The Verifying Accurate and Leading-Edge IVCT Development (VALID) Act would create a new regulatory oversight model for clinical lab tests, including laboratory developed tests (LDTs) and in vitro diagnostics (IVDs), which would together be rebranded as in vitro clinical tests (IVCTs). This bill has been in the works for more than five years, with multiple discussion drafts disseminated publicly. Among other elements, the latest discussion draft calls for a user fee program to be negotiated between the IVCT industry and the Food and Drug Administration (FDA). That means 2020 is a great year to enact this bill because doing so would allow for time to conduct those negotiations in advance of the 2022 medical product user fee reauthorizations.
Cosmetics Oversight Reform
Following a few high-profile problems with cosmetics in recent years and a recognition that the Federal Food, Drug, and Cosmetic Act has not been significantly updated vis-à-vis cosmetics since its enactment in 1938, Congress has recently turned attention to how the regulatory system can be improved to assure cosmetic safety and consumer confidence. Bills in both the House and Senate seek to create new requirements for cosmetics manufacturers as well as for FDA, which would be required to study the safety of ingredients from a list developed in consultation with industry and consumer groups and to develop good manufacturing practices (GMPs) for cosmetics. These bills have been around for a while, and their outlook in 2020 is unclear despite widespread support.
OTC Drug Monograph Reform
On December 10, 2019, the Senate passed an over-the-counter (OTC) drug monograph reform bill that aligns with major elements of a similar bill already passed by the House, giving hope that 2020 could see reform finally enacted after years of debate and political dealing. The big-ticket items for which the House and Senate are now aligned are an 18-month marketing exclusivity period and a user fee program to provide funding for FDA to implement new authorities related to OTC drug monographs.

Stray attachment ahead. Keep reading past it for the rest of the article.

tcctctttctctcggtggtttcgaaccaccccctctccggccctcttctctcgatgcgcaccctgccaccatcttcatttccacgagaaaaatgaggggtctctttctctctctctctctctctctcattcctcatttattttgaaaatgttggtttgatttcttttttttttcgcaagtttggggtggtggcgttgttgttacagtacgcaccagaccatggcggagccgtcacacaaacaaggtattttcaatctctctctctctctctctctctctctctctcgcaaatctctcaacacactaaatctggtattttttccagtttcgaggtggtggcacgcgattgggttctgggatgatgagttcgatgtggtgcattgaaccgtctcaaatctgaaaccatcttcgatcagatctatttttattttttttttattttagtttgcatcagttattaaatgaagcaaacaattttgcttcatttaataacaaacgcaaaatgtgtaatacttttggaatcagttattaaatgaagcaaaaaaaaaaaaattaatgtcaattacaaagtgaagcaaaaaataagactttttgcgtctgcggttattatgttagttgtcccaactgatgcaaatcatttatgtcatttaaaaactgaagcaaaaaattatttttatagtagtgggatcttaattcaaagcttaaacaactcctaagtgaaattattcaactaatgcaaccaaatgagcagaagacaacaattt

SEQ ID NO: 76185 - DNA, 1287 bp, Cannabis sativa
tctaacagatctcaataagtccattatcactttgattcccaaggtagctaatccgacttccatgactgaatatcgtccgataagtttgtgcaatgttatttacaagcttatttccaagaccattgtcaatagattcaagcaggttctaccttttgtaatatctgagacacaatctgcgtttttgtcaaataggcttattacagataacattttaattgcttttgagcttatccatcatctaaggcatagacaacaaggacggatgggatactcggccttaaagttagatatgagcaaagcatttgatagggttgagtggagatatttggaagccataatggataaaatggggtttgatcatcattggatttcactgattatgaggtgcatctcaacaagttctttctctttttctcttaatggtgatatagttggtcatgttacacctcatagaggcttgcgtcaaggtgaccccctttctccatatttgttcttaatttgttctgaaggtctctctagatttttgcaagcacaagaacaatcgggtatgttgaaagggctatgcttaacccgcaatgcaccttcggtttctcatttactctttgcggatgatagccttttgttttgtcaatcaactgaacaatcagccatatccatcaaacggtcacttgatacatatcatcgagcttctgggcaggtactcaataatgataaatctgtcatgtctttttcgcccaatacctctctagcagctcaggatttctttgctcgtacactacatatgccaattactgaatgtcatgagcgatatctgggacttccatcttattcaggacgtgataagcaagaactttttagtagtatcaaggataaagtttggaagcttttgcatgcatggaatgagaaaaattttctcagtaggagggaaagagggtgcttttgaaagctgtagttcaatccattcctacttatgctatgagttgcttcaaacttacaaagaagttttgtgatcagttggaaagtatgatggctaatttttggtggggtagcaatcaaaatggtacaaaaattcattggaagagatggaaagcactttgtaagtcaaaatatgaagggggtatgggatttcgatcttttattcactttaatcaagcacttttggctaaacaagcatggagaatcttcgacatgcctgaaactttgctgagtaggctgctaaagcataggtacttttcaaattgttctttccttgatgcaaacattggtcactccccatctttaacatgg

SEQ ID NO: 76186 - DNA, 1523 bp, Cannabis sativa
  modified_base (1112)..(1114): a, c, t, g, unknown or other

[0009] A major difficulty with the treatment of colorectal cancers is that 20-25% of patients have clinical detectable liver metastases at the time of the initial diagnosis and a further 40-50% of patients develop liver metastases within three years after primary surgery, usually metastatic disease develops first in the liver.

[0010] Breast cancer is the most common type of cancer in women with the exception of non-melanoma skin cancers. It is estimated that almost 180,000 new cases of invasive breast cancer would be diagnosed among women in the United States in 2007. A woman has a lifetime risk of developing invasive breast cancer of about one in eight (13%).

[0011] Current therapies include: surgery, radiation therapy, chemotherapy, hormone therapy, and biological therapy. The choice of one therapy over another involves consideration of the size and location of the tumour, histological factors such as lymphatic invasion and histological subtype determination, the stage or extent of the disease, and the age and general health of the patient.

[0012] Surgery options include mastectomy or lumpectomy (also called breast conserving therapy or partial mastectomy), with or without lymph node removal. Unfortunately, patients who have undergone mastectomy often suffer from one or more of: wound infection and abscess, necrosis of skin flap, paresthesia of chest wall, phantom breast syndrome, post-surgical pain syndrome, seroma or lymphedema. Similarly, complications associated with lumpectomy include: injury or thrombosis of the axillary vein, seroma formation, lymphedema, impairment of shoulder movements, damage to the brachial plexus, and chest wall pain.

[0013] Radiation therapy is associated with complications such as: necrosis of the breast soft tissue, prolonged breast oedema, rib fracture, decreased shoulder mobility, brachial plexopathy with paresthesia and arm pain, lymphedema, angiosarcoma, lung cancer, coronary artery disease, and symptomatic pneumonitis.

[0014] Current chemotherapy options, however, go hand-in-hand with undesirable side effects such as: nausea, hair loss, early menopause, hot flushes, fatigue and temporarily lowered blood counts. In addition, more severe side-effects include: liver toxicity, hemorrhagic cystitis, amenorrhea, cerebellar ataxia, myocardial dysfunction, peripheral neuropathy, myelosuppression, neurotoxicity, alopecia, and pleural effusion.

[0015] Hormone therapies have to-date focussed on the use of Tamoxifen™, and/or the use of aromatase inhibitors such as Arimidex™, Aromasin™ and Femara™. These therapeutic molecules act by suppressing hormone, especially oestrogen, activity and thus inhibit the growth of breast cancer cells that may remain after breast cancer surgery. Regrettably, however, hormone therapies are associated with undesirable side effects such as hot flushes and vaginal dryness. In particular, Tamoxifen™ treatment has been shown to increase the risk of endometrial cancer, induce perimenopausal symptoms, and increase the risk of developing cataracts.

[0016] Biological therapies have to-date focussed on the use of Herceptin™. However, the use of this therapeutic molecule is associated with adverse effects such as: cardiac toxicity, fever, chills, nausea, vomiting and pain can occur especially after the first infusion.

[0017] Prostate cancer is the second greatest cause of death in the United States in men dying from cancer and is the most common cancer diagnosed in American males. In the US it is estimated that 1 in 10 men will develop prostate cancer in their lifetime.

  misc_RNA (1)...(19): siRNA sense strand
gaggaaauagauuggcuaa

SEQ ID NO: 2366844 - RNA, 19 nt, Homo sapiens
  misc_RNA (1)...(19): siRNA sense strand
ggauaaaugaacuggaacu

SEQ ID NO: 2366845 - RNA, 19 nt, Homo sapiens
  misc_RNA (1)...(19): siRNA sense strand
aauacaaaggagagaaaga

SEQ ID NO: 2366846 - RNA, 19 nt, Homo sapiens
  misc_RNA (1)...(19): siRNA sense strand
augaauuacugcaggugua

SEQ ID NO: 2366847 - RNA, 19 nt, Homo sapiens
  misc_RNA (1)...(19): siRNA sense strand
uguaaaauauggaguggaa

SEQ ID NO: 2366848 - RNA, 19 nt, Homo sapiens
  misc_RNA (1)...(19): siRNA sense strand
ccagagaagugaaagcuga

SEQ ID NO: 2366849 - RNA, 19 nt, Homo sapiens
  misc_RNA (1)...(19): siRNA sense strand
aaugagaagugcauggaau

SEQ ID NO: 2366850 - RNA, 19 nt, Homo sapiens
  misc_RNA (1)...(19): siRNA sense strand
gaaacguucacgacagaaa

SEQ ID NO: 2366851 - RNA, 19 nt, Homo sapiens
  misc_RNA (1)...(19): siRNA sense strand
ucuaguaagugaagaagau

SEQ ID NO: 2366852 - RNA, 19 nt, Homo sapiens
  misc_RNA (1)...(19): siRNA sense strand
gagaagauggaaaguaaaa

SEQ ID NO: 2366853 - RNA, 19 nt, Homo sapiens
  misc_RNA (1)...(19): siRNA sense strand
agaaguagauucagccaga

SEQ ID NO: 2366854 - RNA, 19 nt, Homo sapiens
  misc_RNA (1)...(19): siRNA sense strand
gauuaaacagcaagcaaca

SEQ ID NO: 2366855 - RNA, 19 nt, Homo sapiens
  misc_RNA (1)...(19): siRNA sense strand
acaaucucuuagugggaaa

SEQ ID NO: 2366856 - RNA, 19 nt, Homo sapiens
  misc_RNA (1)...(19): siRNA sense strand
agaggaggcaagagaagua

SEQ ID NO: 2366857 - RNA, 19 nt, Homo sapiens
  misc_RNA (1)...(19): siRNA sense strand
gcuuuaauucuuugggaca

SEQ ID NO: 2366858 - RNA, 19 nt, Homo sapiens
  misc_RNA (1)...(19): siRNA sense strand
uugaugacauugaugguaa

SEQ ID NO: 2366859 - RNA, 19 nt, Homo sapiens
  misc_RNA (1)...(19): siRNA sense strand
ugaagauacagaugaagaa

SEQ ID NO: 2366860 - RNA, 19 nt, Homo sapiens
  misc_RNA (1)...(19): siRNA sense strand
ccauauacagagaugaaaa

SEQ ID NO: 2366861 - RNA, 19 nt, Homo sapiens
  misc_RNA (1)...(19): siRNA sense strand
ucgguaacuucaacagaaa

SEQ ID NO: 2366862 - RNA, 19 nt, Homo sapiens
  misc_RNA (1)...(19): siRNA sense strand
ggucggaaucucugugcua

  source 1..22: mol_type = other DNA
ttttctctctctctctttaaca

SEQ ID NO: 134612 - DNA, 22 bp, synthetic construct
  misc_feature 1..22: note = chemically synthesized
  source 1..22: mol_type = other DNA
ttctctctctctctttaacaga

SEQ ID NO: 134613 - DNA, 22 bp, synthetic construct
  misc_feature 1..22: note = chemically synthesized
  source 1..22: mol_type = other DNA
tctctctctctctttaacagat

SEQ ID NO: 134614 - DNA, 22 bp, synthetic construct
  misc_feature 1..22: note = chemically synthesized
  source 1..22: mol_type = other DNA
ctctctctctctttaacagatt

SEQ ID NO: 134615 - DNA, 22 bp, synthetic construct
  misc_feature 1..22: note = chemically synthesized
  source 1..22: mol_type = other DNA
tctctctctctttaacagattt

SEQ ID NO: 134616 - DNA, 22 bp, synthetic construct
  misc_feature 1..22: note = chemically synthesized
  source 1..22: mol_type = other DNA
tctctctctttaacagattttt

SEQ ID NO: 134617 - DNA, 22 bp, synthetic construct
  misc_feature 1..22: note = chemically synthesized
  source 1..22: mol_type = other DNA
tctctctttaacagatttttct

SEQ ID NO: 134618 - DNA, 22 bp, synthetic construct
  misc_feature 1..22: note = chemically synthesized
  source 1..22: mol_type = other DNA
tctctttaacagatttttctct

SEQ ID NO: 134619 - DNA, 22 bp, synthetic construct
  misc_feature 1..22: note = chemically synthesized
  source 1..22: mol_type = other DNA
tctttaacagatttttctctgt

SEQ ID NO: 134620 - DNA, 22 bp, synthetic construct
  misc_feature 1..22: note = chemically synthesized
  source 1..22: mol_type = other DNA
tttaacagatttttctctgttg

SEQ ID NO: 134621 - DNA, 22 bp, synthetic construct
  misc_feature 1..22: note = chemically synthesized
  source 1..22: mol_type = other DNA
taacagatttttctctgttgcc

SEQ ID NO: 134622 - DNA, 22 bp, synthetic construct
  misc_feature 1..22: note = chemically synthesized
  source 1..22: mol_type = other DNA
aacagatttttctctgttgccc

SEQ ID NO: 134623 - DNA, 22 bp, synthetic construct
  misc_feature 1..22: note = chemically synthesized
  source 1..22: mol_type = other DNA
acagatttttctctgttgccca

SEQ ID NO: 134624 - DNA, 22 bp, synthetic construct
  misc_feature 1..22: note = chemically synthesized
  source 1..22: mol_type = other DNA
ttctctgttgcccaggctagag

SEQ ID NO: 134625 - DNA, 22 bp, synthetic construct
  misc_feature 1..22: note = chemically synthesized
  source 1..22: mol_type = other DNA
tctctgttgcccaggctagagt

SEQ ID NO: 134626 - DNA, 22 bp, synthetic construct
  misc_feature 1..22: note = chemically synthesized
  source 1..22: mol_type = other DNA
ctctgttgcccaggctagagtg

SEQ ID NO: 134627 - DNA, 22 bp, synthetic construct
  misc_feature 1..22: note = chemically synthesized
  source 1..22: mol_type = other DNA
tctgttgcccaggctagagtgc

Medical Device Servicing
With FDA’s draft guidance on medical device servicing and remanufacturing delayed (the agency previously promised it by September 2019) but expected early this year, Congress may be interested in addressing some of the challenges the agency has signaled it will not address via guidance, including registration of servicers and inspections of servicing facilities.
We’re also going to be closely monitoring the discussions about FDA’s medical product user fee programs, which are set to expire in 2022 but for which negotiations will begin this year.
Lastly, health care reform remains a perpetual issue with the 2020 campaigns highlighting key differences between Republicans and Democrats—and among Democrats. With the progressive wing of the party seeking to push Democrats further left, a key debate will continue to be whether and how to tweak the Affordable Care Act or to replace the entire system with Medicare-for-All. Republicans may decide their best strategy is to defer to the judiciary, to which the President has made a record number of appointments in his three years on the job.
Whether as part of Cures 2.0 or another vehicle, we do not expect legislative activity around health care to wane in 2020. On the contrary, the nation’s massive health care apparatus remains a key focus for Congress and the Administration, and we’ll be closely watching federal activity in this election year.
*Hannah Merrill and Brett Else contributed to this post.